A few ways value-based payments differ from FFS:
All value-based reimbursement arrangements emphasize quality over the quantity of services provided. The terms ‘value-based care’ or ‘value-based payment’ include a variety of reimbursement arrangements, including APMs (Alternative Payment Models), advanced APMs, bundled payments for episodes of care, pay-for-performance, shared savings programs, and global capitated payments.
|Pay for Performance||Healthcare providers are only compensated if they meet certain metrics for quality and efficiency.|
|APMs and Advanced APMs||APMs can apply to a specific clinical condition, a care episode, or a population. Advanced APMs are a subset of APMs and allow clinics to earn more for taking on some risks related to their patient's outcomes.|
|Bundled Payment||Under this payment structure, different healthcare providers who are treating a patient for the same or related conditions are paid an overall sum for taking care of a condition rather than being paid for each treatment, test, or procedure. In doing so, providers are rewarded for coordinating care, preventing complications and errors, and reducing unnecessary or duplicative tests and treatments.|
|Shared Savings||The shared savings program facilitates coordination and cooperation among providers to improve the quality of care for Medicare Fee-for-Service (FFS) beneficiaries and reduce unnecessary costs. Eligible providers, hospitals, and suppliers can participate in the shared savings program by creating or participating in an Accountable Care Organization (ACO).|
|Global Capitation||The global capitation system operates on the basis of a network of hospitals and physicians receiving fixed payments on a per-member basis for enrolled health plan members. Generally, providers sign a single contract with a health plan to cover care for members and then determine a method of dividing up the capitated payment among the provider group.|
The proactive, data-driven approach to value-based care enables providers, payers, and patients to work together to keep patients healthy and reduce costs over time. Early treatment of risk factors is better for patients and less expensive than late-stage interventions and hospitalizations. Similar to well-controlled chronic conditions, uncontrolled conditions that often progress and require hospitalization incur fewer costs.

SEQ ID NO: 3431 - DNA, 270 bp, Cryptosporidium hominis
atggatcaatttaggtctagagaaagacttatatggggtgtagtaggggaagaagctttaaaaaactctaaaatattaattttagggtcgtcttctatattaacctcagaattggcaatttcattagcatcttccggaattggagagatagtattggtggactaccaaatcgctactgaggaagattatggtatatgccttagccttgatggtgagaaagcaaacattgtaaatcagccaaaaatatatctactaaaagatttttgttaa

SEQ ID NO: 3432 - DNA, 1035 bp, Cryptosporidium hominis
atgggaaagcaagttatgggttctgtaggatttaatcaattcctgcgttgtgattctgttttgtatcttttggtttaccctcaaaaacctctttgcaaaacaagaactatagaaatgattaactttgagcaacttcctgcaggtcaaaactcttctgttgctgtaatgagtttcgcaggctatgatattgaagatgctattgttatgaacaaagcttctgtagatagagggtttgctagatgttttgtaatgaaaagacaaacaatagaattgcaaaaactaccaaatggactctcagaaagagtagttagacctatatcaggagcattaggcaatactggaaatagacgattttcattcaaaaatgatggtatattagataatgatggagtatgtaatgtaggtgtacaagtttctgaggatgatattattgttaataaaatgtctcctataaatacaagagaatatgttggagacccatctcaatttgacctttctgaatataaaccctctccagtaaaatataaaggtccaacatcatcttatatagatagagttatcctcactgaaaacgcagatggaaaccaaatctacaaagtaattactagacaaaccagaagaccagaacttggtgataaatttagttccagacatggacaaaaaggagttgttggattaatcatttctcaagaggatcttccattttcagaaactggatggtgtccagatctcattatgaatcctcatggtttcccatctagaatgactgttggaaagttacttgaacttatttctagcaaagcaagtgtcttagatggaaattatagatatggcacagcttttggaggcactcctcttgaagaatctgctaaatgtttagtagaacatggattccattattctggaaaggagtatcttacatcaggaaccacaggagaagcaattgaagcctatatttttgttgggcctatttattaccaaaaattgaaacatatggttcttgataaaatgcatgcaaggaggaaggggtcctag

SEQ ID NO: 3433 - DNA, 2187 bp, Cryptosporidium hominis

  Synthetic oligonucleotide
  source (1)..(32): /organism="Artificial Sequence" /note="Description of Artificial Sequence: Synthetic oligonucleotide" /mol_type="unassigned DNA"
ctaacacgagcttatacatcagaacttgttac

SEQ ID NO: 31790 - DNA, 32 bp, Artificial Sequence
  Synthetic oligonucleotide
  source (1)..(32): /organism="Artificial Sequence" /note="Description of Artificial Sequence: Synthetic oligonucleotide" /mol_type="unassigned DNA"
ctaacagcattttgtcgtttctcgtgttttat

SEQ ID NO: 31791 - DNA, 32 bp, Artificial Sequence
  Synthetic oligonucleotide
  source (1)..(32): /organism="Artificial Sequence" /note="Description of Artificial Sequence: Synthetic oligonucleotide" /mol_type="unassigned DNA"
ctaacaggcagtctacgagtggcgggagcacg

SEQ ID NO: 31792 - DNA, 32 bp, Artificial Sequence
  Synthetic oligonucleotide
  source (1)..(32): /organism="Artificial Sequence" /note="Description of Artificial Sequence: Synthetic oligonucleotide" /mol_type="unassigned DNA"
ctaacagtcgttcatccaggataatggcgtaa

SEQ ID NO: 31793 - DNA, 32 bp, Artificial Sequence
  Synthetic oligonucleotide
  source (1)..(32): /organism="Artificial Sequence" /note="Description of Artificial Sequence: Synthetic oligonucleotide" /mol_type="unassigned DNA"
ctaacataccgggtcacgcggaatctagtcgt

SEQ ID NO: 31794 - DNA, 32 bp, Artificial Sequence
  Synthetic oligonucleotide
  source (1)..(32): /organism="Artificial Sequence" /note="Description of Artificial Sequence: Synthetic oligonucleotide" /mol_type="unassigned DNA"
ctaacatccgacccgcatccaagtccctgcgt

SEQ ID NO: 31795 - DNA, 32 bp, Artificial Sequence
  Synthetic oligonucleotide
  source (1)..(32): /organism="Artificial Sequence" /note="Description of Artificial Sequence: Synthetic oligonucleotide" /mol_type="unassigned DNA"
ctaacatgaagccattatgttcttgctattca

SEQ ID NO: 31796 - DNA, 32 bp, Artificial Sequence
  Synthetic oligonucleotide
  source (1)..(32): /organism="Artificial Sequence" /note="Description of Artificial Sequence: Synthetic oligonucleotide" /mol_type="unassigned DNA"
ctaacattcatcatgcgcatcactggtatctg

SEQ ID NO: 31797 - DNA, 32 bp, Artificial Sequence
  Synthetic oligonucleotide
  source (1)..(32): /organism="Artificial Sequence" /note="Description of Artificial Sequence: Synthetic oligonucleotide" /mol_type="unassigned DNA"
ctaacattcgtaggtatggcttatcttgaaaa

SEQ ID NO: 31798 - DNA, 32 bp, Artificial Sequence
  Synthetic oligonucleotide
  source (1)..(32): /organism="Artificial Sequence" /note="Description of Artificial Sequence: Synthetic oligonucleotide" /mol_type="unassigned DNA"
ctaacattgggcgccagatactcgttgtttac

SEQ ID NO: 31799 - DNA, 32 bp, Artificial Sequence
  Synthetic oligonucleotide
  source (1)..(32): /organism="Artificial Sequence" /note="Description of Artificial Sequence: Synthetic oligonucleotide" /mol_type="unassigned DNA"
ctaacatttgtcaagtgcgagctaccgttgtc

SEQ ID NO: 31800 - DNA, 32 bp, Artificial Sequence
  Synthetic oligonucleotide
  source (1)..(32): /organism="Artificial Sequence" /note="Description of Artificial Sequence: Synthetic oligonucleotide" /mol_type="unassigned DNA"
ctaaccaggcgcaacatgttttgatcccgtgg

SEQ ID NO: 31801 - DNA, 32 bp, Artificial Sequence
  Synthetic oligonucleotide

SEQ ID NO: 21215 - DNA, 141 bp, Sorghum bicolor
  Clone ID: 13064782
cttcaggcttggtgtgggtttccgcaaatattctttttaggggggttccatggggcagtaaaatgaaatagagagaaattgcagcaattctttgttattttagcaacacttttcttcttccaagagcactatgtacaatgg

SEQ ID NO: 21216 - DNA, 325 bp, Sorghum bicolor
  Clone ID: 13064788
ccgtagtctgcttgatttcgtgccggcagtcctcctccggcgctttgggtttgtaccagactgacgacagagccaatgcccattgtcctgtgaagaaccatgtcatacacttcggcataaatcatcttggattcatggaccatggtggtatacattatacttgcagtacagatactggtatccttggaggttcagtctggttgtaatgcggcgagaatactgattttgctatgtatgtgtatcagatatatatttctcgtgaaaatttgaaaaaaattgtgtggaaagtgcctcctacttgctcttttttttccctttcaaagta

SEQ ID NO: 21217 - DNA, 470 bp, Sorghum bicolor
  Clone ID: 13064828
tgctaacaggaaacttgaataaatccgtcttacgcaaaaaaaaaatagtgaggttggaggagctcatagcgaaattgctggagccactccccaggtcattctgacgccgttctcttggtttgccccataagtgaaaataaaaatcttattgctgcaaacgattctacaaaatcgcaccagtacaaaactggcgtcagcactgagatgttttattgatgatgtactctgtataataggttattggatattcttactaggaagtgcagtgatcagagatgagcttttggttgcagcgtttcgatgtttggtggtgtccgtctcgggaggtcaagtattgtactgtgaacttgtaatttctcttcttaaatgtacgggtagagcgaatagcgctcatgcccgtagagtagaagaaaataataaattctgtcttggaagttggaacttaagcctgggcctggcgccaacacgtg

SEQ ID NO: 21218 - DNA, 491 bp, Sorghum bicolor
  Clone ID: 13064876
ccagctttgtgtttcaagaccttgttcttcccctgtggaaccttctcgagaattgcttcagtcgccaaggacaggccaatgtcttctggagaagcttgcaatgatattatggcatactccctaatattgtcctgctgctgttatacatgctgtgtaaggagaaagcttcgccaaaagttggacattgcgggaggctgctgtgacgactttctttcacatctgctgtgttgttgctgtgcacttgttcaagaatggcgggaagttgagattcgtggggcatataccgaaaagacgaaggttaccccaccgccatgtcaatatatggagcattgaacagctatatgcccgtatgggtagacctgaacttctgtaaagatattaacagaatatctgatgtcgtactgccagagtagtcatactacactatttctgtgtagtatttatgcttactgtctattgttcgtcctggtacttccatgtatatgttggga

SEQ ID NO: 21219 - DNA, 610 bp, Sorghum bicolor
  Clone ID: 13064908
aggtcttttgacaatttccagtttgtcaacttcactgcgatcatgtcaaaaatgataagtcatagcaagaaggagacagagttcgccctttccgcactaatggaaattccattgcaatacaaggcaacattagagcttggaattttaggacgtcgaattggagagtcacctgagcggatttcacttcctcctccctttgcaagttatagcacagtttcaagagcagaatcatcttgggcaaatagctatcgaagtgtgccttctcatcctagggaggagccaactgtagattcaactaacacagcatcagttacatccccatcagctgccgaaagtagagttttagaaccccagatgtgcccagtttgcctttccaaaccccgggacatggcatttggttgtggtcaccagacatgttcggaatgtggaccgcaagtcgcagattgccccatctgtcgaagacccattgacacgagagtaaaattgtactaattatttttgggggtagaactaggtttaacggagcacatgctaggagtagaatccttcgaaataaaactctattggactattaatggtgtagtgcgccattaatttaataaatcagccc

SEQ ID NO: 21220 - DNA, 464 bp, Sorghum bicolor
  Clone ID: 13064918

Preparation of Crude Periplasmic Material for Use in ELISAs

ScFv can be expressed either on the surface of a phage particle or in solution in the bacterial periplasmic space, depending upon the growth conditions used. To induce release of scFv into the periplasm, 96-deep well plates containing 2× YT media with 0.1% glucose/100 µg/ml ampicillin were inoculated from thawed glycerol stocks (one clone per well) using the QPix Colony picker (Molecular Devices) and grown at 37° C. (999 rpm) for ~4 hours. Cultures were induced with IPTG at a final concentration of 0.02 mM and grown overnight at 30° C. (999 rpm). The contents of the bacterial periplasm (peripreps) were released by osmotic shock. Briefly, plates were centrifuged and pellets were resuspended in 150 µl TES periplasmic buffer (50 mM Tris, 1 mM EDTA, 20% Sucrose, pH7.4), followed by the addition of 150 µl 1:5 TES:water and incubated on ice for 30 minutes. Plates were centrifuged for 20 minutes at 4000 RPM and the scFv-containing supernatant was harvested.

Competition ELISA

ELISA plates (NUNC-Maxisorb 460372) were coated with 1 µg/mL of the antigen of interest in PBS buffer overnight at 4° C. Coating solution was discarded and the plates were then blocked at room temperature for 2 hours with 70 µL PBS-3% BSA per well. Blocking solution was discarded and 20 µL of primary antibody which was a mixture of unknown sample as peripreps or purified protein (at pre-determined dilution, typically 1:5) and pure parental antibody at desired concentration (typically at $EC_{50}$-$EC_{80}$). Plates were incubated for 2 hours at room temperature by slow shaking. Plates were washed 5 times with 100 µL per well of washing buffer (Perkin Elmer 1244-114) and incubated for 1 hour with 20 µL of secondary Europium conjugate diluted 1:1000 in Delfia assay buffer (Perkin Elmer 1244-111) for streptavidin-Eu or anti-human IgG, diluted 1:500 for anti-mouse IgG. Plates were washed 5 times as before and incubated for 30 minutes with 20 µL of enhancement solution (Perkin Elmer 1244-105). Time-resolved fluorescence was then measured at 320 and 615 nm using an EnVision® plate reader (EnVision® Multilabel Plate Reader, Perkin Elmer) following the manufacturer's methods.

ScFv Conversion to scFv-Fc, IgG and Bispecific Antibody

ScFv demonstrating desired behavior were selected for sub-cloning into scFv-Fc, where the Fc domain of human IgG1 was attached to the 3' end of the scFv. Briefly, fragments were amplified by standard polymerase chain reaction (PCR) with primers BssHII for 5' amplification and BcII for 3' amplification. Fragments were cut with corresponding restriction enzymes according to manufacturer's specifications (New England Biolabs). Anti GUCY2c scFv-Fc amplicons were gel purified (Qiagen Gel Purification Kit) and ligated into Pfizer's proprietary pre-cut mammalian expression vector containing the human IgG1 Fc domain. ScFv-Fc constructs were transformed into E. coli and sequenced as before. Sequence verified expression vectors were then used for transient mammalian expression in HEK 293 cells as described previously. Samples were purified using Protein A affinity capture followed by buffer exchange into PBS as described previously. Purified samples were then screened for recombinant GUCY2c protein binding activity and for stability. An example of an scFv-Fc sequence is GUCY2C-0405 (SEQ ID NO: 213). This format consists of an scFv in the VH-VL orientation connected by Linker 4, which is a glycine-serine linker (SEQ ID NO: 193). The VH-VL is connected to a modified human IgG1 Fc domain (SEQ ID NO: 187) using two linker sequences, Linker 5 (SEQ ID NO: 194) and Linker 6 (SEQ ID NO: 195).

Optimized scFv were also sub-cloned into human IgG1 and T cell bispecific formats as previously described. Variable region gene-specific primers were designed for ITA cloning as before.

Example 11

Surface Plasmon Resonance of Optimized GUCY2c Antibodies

Data sharing and enhanced care coordination also streamline administrative processes and reduce waste. It is necessary, however, to have the right technology stack to collect and analyze data to derive insights for all stakeholders so that providers can provide services to patients, better manage their conditions, and report to payers on appropriate quality measures for reimbursement.
The Innovaccer platform empowers health systems to build a robust data foundation that aligns perfectly with their business objectives. It leverages a unified data model that ingests data from multiple sources, such as EHRs, claims, labs, and pharmacies and standardizes data into a single unified patient record.
The cloud-native, flexible, and scalable platform allows health systems of any size to bring all the critical data to the point of care and derive insights to help care teams across sites make the right intervention at the right time. The industry-leading data platform with advanced analytics can also help providers to accelerate their value-based care journey with:
To see the Innovaccer data platform in action, you can book a personalized demo with our experts, who will be happy to understand your organization's challenges and answer your queries.